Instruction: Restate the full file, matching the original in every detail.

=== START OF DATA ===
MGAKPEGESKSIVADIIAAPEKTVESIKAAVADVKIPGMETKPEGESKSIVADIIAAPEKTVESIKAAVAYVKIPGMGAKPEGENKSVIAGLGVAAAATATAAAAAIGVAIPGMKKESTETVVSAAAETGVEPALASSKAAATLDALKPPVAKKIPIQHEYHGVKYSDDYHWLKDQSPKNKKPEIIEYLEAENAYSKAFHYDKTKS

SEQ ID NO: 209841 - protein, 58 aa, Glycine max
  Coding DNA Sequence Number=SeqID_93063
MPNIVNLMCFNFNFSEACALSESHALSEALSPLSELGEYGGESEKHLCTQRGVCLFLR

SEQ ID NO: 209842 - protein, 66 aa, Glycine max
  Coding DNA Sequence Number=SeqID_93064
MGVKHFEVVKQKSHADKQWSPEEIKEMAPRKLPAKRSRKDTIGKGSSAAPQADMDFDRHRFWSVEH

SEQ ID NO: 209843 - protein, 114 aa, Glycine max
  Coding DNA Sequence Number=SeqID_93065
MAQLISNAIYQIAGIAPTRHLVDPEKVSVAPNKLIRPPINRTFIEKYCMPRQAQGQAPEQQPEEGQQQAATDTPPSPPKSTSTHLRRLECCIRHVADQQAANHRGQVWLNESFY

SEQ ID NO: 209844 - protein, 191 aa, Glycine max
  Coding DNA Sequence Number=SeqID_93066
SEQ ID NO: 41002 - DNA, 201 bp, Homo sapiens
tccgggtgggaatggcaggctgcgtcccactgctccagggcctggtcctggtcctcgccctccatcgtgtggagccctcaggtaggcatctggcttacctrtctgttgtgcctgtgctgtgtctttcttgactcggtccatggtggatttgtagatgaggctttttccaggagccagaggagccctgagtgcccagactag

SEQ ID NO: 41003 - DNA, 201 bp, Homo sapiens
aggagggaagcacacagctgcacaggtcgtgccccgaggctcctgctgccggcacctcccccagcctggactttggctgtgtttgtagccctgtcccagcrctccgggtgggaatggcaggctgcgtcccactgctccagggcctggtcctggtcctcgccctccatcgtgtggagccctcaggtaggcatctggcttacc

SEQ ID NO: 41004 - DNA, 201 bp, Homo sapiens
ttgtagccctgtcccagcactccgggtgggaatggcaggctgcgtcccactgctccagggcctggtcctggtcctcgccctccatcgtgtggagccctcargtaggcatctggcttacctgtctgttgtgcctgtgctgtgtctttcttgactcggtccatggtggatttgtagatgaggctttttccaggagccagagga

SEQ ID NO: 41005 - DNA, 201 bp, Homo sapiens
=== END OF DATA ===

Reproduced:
MGAKPEGESKSIVADIIAAPEKTVESIKAAVADVKIPGMETKPEGESKSIVADIIAAPEKTVESIKAAVAYVKIPGMGAKPEGENKSVIAGLGVAAAATATAAAAAIGVAIPGMKKESTETVVSAAAETGVEPALASSKAAATLDALKPPVAKKIPIQHEYHGVKYSDDYHWLKDQSPKNKKPEIIEYLEAENAYSKAFHYDKTKS

SEQ ID NO: 209841 - protein, 58 aa, Glycine max
  Coding DNA Sequence Number=SeqID_93063
MPNIVNLMCFNFNFSEACALSESHALSEALSPLSELGEYGGESEKHLCTQRGVCLFLR

SEQ ID NO: 209842 - protein, 66 aa, Glycine max
  Coding DNA Sequence Number=SeqID_93064
MGVKHFEVVKQKSHADKQWSPEEIKEMAPRKLPAKRSRKDTIGKGSSAAPQADMDFDRHRFWSVEH

SEQ ID NO: 209843 - protein, 114 aa, Glycine max
  Coding DNA Sequence Number=SeqID_93065
MAQLISNAIYQIAGIAPTRHLVDPEKVSVAPNKLIRPPINRTFIEKYCMPRQAQGQAPEQQPEEGQQQAATDTPPSPPKSTSTHLRRLECCIRHVADQQAANHRGQVWLNESFY

SEQ ID NO: 209844 - protein, 191 aa, Glycine max
  Coding DNA Sequence Number=SeqID_93066
SEQ ID NO: 41002 - DNA, 201 bp, Homo sapiens
tccgggtgggaatggcaggctgcgtcccactgctccagggcctggtcctggtcctcgccctccatcgtgtggagccctcaggtaggcatctggcttacctrtctgttgtgcctgtgctgtgtctttcttgactcggtccatggtggatttgtagatgaggctttttccaggagccagaggagccctgagtgcccagactag

SEQ ID NO: 41003 - DNA, 201 bp, Homo sapiens
aggagggaagcacacagctgcacaggtcgtgccccgaggctcctgctgccggcacctcccccagcctggactttggctgtgtttgtagccctgtcccagcrctccgggtgggaatggcaggctgcgtcccactgctccagggcctggtcctggtcctcgccctccatcgtgtggagccctcaggtaggcatctggcttacc

SEQ ID NO: 41004 - DNA, 201 bp, Homo sapiens
ttgtagccctgtcccagcactccgggtgggaatggcaggctgcgtcccactgctccagggcctggtcctggtcctcgccctccatcgtgtggagccctcargtaggcatctggcttacctgtctgttgtgcctgtgctgtgtctttcttgactcggtccatggtggatttgtagatgaggctttttccaggagccagagga

SEQ ID NO: 41005 - DNA, 201 bp, Homo sapiens